Local startup, Paperight, has recently won a prestigious innovation award in New York City. Paperight returned to South Africa as the Most Entrepreneurial Publishing Start-Up from the O’Reilly Tools of Change Start-up Showcase.
So what makes paperight earn such a title? Paperight is a network of over 200 independent photocopy shops and other printing businesses that print books quickly, legally and cheaply. These outlets purchase one-off licenses to print books for customers, on demand. Payments come out of each outlet’s prepaid account and go to the publisher, once Paperight has taken a 20% cut.
With over 1400 books available, Paperight, founded by Shuttleworth Foundation Fellow Arthur Atwell in 2011, is as far as it is aware, the largest network of print-on-demand bookstores in the world. That’s innovation right there.
The truth is that bookshops and libraries are rare outside of big cities in South Africa and books themselves, are expensive. As a result, most books are photocopied much to the disapproval of publishers, a process that sometimes involves breaking the law.
According to Nick Mulgrew, Head of Communications at Paperight, “The startup is a way of legalising and expanding upon this process, giving photocopy shops a legal way to do what many of them already do, and to vastly increase access to all kinds of books where bookstores, libraries, e-readers and internet access aren’t as common as we’d like it to be.”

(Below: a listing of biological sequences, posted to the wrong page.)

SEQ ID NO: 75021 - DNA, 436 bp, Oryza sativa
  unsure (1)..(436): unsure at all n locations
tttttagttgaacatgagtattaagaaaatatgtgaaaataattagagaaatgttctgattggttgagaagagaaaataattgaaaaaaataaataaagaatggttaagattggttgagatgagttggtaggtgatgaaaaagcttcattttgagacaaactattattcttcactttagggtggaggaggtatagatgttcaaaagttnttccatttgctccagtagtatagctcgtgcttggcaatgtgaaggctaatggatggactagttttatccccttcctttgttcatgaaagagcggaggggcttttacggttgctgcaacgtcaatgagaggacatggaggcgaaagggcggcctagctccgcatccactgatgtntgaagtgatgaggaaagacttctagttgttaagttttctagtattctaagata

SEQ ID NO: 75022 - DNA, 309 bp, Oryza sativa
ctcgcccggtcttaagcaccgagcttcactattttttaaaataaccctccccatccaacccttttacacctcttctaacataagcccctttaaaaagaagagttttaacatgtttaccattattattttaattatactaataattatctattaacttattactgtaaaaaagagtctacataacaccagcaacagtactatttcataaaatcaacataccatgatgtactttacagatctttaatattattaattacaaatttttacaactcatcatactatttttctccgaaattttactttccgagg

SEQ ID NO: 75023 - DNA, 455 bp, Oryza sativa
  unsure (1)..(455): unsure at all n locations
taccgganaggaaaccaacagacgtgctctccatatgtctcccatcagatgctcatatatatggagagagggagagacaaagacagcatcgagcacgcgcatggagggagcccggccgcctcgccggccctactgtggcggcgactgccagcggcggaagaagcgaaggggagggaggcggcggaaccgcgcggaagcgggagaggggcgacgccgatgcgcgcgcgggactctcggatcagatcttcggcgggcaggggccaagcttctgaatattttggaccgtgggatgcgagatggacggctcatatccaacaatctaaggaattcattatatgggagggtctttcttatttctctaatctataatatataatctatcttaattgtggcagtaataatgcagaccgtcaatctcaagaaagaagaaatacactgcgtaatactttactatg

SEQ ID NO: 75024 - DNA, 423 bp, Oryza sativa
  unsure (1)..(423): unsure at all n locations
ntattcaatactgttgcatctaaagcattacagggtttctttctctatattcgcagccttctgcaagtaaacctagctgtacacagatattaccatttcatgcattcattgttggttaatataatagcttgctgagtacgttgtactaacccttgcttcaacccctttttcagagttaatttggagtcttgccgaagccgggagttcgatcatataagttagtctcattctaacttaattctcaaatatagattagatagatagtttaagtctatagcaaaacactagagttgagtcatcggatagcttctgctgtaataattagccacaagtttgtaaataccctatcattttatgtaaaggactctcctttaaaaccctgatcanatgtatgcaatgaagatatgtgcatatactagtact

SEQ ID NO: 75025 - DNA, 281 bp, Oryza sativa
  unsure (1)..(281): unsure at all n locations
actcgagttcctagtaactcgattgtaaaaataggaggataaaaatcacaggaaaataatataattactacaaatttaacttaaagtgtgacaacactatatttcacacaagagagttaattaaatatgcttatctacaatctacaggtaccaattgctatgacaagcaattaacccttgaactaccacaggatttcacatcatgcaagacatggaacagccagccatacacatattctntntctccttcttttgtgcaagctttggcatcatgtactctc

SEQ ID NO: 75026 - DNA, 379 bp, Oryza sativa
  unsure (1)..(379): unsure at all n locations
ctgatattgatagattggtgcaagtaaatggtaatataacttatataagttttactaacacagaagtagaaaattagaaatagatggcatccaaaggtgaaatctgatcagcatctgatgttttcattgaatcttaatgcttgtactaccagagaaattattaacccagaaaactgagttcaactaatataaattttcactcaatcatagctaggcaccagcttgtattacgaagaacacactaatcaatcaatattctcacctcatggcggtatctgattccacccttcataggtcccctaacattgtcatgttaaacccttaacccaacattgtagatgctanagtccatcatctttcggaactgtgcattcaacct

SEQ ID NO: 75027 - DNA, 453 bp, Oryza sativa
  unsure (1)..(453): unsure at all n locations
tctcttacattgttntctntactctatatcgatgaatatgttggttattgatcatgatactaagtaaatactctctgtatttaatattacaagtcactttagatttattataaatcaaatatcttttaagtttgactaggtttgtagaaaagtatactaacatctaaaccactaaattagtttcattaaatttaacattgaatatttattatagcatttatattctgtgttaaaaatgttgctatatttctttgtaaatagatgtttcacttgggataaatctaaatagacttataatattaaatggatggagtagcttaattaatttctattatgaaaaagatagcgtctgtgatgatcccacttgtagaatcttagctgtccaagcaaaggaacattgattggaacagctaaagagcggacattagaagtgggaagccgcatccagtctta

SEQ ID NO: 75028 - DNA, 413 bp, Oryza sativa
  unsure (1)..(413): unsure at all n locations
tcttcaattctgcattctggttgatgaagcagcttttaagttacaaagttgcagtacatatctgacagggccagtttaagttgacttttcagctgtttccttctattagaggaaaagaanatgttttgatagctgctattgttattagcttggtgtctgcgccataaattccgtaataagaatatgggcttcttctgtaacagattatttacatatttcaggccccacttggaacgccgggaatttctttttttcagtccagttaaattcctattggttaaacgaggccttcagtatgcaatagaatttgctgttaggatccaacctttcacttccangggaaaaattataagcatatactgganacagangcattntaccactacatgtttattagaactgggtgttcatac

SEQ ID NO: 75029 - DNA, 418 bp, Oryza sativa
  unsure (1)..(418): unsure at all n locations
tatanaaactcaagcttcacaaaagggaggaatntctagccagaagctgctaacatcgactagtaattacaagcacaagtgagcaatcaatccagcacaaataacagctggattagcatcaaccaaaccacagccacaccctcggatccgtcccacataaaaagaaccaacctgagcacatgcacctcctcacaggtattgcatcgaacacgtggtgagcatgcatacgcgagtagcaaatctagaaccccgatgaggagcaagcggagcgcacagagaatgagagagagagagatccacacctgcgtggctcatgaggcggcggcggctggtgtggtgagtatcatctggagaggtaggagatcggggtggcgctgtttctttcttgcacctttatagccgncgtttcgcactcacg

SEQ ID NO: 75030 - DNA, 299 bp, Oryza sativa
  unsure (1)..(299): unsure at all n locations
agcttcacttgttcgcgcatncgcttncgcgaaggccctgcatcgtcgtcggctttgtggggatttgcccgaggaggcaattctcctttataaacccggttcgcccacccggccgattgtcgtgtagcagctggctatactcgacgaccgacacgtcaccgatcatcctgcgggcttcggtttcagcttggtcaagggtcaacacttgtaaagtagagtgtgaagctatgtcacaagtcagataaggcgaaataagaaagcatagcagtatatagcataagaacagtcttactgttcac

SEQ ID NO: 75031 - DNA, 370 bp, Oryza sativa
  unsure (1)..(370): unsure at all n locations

Setting up Paperight was a challenge in itself and nobody had every tried anything like it before on such a large scale.
Built to be able to be used in any country, with any documents, the startup had to put a lot of thought into delivering content to copyshops, ultimately deciding on an instantly generated PDF delivery system integrated into a POS website interface.
Mulgrew also reveals that getting both copyshops and publishers to buy-in was indeed a challenge as publishers often see photocopy shops as ‘the enemy’. Paperight has brought the two together to fulfill a worthy cause where publishers’ books are now accessible to people where they would have otherwise never existed.
Of the win Mulgrew says that “It sounds strange but we were as much relieved as we were thrilled when we won, because it was such a terrific vindication of our work. With the challenges involved in starting a new kind of publishing and distribution system, the encouragement helps immensely.”
So where to from here? Paperight will soon be running a new campaign to help matrics get hold of past exam papers. Last year hundreds of learners around SA used Paperight to get hold of past papers of which Paperight has for every subject and language since 2008 – that’s more than the Department of Basic Education has available on its website.
Paperight is also running the Paperight Young Writers’ Anthology competition for high school students to give them the opportunity to have their work published.
“We want to leverage our win and the great exposure it’s given us to get more publishers and copyshops both in SA and overseas on board to get books where they are most needed,” concludes Mulgrew.